Liturgy of the Hours

3:20 AM | Vigils

The monks of Mepkin rise in night’s deep darkness. A few may have quietly awakened earlier in order to sink themselves into the still and fertile silence, where prayer is born. At 3:20 AM, heavy with sleep, the community gathers in the Abbey Church for the hour of Vigils. As the tower bell sounds to proclaim to the slumbering world the beginning of the monastic night-watch, the monks stand in anticipation of the coming of Christ in time and in their hearts. Like deep-sea divers the brothers immerse themselves in the chanting of the Psalms. Over a two-week period they will weep, wash in, drink from, frolic in these one hundred and fifty wonderful songs of Israel’s King David. The entire spectrum of human emotion and experience will be encountered in this recurrent biweekly pattern. At the conclusion of Vigils, replete with the images of the Psalms, the monks spend a half hour in meditation. The ground of the heart is plowed and the seed of the Word is sown. Now the seed continues to germinate in the silent stillness of meditation. Their hearts thus prepared after the half hour of meditation, the monks spend the next hour or so in lectio divina (sacred reading). The monk ponders attentively God’s Word in the Sacred Scriptures. He approaches the Word not as one trying to extract information, but as one who stands ready to be challenged and formed by the Word. His heart enters into a dialogue with the heart of God. The fruit of this encounter with grace is an awakening to the contemplative dimension of everyday living.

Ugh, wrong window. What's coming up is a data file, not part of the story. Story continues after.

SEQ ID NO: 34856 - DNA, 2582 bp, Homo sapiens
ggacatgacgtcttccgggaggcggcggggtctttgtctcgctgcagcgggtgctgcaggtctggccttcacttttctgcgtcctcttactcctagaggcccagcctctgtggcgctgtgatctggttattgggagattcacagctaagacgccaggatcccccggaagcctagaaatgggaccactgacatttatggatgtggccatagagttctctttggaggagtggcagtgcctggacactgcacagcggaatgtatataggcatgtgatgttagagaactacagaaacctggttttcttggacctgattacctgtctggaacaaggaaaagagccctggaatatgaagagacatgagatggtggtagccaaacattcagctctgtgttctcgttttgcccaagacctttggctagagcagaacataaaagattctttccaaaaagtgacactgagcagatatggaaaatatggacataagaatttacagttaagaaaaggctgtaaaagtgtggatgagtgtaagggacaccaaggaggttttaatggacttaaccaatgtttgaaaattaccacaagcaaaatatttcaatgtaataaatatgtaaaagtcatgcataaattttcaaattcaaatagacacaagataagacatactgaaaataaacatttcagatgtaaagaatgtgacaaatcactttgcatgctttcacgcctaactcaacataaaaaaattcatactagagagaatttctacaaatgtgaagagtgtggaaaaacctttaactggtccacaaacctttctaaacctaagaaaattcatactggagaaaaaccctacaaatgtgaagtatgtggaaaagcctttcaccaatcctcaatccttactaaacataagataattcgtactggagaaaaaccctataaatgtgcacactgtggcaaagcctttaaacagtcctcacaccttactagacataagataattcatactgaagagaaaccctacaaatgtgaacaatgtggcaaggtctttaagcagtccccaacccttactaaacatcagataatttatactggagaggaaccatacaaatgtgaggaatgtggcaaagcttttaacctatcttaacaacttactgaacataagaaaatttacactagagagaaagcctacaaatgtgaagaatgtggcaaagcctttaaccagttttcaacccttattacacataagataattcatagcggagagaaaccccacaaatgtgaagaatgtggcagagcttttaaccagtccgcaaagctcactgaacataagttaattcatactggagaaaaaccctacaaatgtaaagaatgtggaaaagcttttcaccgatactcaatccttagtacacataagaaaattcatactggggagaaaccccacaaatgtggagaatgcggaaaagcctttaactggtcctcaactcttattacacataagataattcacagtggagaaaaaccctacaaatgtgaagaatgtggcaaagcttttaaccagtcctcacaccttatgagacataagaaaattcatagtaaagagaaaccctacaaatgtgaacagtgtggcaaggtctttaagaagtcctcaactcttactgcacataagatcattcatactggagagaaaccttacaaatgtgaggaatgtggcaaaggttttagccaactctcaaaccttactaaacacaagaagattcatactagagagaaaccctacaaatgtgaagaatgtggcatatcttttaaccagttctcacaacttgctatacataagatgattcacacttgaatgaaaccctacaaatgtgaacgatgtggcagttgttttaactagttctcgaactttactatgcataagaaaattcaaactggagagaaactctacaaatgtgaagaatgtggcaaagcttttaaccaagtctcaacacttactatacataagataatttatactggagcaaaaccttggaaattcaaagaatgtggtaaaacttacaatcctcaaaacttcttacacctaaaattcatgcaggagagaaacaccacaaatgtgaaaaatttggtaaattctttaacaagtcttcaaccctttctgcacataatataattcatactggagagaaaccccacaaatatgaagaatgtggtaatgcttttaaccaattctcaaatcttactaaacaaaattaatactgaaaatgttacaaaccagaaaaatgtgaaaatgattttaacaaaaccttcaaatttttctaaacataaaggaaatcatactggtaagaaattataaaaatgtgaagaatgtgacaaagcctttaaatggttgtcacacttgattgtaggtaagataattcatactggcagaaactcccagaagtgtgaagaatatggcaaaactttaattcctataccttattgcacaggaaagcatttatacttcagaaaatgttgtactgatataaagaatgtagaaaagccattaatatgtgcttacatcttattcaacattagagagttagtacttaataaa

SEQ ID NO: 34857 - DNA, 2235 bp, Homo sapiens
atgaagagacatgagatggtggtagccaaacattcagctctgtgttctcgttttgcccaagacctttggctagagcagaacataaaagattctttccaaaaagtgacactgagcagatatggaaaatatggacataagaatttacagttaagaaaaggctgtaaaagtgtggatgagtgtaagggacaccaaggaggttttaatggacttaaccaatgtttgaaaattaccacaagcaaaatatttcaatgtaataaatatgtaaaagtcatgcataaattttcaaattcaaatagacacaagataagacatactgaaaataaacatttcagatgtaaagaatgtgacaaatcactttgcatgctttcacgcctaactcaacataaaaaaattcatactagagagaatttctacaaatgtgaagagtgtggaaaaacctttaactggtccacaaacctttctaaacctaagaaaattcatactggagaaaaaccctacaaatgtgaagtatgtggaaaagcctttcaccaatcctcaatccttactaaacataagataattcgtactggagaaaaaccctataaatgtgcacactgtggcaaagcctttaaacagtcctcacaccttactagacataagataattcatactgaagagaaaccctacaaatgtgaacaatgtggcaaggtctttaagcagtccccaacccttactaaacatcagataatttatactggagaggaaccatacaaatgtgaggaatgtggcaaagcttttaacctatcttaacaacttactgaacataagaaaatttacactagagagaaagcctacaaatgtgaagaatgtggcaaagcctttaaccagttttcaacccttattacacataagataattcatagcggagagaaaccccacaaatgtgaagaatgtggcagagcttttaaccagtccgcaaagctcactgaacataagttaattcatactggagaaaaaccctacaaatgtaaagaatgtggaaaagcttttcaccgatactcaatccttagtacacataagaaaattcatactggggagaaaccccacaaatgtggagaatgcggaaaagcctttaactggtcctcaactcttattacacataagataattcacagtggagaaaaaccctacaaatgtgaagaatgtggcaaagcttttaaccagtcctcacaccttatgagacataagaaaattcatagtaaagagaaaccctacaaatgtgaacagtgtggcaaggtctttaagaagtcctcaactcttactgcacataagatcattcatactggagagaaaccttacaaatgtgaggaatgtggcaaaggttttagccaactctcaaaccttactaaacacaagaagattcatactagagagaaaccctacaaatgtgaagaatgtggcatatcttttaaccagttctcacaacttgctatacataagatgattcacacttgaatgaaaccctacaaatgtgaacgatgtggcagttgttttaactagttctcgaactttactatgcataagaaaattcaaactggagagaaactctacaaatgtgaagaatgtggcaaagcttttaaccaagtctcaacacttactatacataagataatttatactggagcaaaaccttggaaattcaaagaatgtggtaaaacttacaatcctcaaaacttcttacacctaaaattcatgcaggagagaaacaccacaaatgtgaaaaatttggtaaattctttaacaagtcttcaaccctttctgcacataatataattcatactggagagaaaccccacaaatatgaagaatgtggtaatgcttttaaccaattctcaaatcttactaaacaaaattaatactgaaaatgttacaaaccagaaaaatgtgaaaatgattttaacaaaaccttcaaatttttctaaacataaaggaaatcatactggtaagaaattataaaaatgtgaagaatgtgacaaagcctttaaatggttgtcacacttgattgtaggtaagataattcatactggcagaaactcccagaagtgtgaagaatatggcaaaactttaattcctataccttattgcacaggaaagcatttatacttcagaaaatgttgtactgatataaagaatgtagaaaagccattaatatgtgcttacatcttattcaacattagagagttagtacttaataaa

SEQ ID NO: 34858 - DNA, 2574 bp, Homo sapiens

6:30 AM | Lauds

Emerging from the silence of these hours of contemplative reflection, the community again makes its way to the monastery’s heart, the Abbey Church. As the creatures of the surrounding wood and water rise from their rest, the monks stand poised on the pointe vierge (the virginal point of the day) waiting to be called to praise. This is the hour of Lauds, when the monks greet the dawn breaking upon the world of darkness. From ancient times, Christians have experienced in the rising sun a symbol of the Risen Christ, who conquers the darkness of sin and death. The mood is one of praise for Christ’s victory over the shadow of death, and anticipation of this day’s encounters with Christ. At the conclusion of the hour of Lauds, breakfast is available. The monk then has an interval during which he may tend to personal chores, read, or pray.

7:30 AM | Eucharist (Sunday 10:00 AM)

The rhythm of prayer is taken up again. At 7:30 AM, the community assembles for the celebration of the Liturgy of the Eucharist: the Mass. In the breaking of the Word and the Bread, the monastic church renders present the dying and rising of Jesus. As the monks join the offering of the whole of their life to Christ, they participate in the source and summit of Christian life. The bread and wine of the Eucharist, the sacrament of the Body and Blood of Christ, is spiritual food for the journey.